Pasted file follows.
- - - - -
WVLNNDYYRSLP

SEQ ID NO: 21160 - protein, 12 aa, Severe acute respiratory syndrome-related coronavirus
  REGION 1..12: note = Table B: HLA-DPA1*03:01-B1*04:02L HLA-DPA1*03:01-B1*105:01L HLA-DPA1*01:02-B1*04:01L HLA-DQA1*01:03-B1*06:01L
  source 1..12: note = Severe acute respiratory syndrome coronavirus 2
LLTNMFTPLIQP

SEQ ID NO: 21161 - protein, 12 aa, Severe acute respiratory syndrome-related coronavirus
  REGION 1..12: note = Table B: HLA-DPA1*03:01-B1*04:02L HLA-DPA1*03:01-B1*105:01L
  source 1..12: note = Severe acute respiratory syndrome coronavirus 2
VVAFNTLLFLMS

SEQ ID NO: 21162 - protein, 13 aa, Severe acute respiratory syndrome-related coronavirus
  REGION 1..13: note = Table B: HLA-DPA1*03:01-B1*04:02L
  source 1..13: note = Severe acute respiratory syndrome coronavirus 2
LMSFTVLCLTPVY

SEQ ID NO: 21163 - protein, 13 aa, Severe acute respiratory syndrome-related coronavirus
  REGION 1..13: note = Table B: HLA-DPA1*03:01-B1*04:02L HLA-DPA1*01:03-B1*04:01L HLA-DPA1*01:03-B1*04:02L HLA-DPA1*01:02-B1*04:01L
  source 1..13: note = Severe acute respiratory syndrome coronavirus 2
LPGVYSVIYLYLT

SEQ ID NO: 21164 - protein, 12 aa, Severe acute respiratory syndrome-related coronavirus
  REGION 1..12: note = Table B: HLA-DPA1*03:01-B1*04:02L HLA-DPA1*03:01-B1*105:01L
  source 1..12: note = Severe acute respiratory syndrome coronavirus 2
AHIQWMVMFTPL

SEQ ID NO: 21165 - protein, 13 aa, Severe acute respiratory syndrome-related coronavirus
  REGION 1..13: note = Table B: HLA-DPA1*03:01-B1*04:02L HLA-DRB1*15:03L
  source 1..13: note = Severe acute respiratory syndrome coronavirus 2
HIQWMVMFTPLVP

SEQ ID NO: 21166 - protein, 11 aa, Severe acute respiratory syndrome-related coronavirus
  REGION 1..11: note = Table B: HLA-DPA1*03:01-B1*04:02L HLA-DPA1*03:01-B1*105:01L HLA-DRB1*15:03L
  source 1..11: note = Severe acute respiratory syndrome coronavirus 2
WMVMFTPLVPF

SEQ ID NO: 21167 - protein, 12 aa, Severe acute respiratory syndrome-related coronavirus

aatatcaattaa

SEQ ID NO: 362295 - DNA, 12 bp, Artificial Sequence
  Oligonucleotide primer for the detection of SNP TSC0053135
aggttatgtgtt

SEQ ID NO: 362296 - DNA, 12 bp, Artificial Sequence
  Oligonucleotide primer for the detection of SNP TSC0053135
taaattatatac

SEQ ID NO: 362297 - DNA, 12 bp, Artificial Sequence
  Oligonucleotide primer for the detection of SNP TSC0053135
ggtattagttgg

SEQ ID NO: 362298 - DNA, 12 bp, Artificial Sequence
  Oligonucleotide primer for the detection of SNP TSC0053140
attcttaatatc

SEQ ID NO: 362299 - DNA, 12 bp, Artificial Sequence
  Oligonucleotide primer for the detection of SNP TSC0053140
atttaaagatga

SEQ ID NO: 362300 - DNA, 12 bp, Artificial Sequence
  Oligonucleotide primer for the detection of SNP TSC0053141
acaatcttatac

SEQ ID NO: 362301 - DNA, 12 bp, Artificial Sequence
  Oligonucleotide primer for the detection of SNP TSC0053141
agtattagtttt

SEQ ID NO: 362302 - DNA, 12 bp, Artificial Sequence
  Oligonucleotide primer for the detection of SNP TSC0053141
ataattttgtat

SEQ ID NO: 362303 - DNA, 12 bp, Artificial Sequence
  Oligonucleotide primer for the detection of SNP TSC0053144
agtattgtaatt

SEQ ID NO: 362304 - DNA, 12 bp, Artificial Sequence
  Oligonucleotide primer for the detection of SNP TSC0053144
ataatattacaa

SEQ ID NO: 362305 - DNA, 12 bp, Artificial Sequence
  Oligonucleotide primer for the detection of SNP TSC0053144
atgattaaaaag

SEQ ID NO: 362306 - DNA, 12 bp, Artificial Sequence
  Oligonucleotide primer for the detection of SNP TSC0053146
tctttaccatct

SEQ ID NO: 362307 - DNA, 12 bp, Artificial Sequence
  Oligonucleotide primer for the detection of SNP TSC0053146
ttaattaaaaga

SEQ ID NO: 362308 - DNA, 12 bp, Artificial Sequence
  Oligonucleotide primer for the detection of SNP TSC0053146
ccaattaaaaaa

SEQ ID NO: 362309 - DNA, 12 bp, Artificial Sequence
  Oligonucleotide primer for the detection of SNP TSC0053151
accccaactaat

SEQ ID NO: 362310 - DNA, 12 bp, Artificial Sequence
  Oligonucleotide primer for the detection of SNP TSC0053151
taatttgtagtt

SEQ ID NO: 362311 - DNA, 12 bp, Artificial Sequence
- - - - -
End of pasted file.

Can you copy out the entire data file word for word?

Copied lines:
WVLNNDYYRSLP

SEQ ID NO: 21160 - protein, 12 aa, Severe acute respiratory syndrome-related coronavirus
  REGION 1..12: note = Table B: HLA-DPA1*03:01-B1*04:02L HLA-DPA1*03:01-B1*105:01L HLA-DPA1*01:02-B1*04:01L HLA-DQA1*01:03-B1*06:01L
  source 1..12: note = Severe acute respiratory syndrome coronavirus 2
LLTNMFTPLIQP

SEQ ID NO: 21161 - protein, 12 aa, Severe acute respiratory syndrome-related coronavirus
  REGION 1..12: note = Table B: HLA-DPA1*03:01-B1*04:02L HLA-DPA1*03:01-B1*105:01L
  source 1..12: note = Severe acute respiratory syndrome coronavirus 2
VVAFNTLLFLMS

SEQ ID NO: 21162 - protein, 13 aa, Severe acute respiratory syndrome-related coronavirus
  REGION 1..13: note = Table B: HLA-DPA1*03:01-B1*04:02L
  source 1..13: note = Severe acute respiratory syndrome coronavirus 2
LMSFTVLCLTPVY

SEQ ID NO: 21163 - protein, 13 aa, Severe acute respiratory syndrome-related coronavirus
  REGION 1..13: note = Table B: HLA-DPA1*03:01-B1*04:02L HLA-DPA1*01:03-B1*04:01L HLA-DPA1*01:03-B1*04:02L HLA-DPA1*01:02-B1*04:01L
  source 1..13: note = Severe acute respiratory syndrome coronavirus 2
LPGVYSVIYLYLT

SEQ ID NO: 21164 - protein, 12 aa, Severe acute respiratory syndrome-related coronavirus
  REGION 1..12: note = Table B: HLA-DPA1*03:01-B1*04:02L HLA-DPA1*03:01-B1*105:01L
  source 1..12: note = Severe acute respiratory syndrome coronavirus 2
AHIQWMVMFTPL

SEQ ID NO: 21165 - protein, 13 aa, Severe acute respiratory syndrome-related coronavirus
  REGION 1..13: note = Table B: HLA-DPA1*03:01-B1*04:02L HLA-DRB1*15:03L
  source 1..13: note = Severe acute respiratory syndrome coronavirus 2
HIQWMVMFTPLVP

SEQ ID NO: 21166 - protein, 11 aa, Severe acute respiratory syndrome-related coronavirus
  REGION 1..11: note = Table B: HLA-DPA1*03:01-B1*04:02L HLA-DPA1*03:01-B1*105:01L HLA-DRB1*15:03L
  source 1..11: note = Severe acute respiratory syndrome coronavirus 2
WMVMFTPLVPF

SEQ ID NO: 21167 - protein, 12 aa, Severe acute respiratory syndrome-related coronavirus

aatatcaattaa

SEQ ID NO: 362295 - DNA, 12 bp, Artificial Sequence
  Oligonucleotide primer for the detection of SNP TSC0053135
aggttatgtgtt

SEQ ID NO: 362296 - DNA, 12 bp, Artificial Sequence
  Oligonucleotide primer for the detection of SNP TSC0053135
taaattatatac

SEQ ID NO: 362297 - DNA, 12 bp, Artificial Sequence
  Oligonucleotide primer for the detection of SNP TSC0053135
ggtattagttgg

SEQ ID NO: 362298 - DNA, 12 bp, Artificial Sequence
  Oligonucleotide primer for the detection of SNP TSC0053140
attcttaatatc

SEQ ID NO: 362299 - DNA, 12 bp, Artificial Sequence
  Oligonucleotide primer for the detection of SNP TSC0053140
atttaaagatga

SEQ ID NO: 362300 - DNA, 12 bp, Artificial Sequence
  Oligonucleotide primer for the detection of SNP TSC0053141
acaatcttatac

SEQ ID NO: 362301 - DNA, 12 bp, Artificial Sequence
  Oligonucleotide primer for the detection of SNP TSC0053141
agtattagtttt

SEQ ID NO: 362302 - DNA, 12 bp, Artificial Sequence
  Oligonucleotide primer for the detection of SNP TSC0053141
ataattttgtat

SEQ ID NO: 362303 - DNA, 12 bp, Artificial Sequence
  Oligonucleotide primer for the detection of SNP TSC0053144
agtattgtaatt

SEQ ID NO: 362304 - DNA, 12 bp, Artificial Sequence
  Oligonucleotide primer for the detection of SNP TSC0053144
ataatattacaa

SEQ ID NO: 362305 - DNA, 12 bp, Artificial Sequence
  Oligonucleotide primer for the detection of SNP TSC0053144
atgattaaaaag

SEQ ID NO: 362306 - DNA, 12 bp, Artificial Sequence
  Oligonucleotide primer for the detection of SNP TSC0053146
tctttaccatct

SEQ ID NO: 362307 - DNA, 12 bp, Artificial Sequence
  Oligonucleotide primer for the detection of SNP TSC0053146
ttaattaaaaga

SEQ ID NO: 362308 - DNA, 12 bp, Artificial Sequence
  Oligonucleotide primer for the detection of SNP TSC0053146
ccaattaaaaaa

SEQ ID NO: 362309 - DNA, 12 bp, Artificial Sequence
  Oligonucleotide primer for the detection of SNP TSC0053151
accccaactaat

SEQ ID NO: 362310 - DNA, 12 bp, Artificial Sequence
  Oligonucleotide primer for the detection of SNP TSC0053151
taatttgtagtt

SEQ ID NO: 362311 - DNA, 12 bp, Artificial Sequence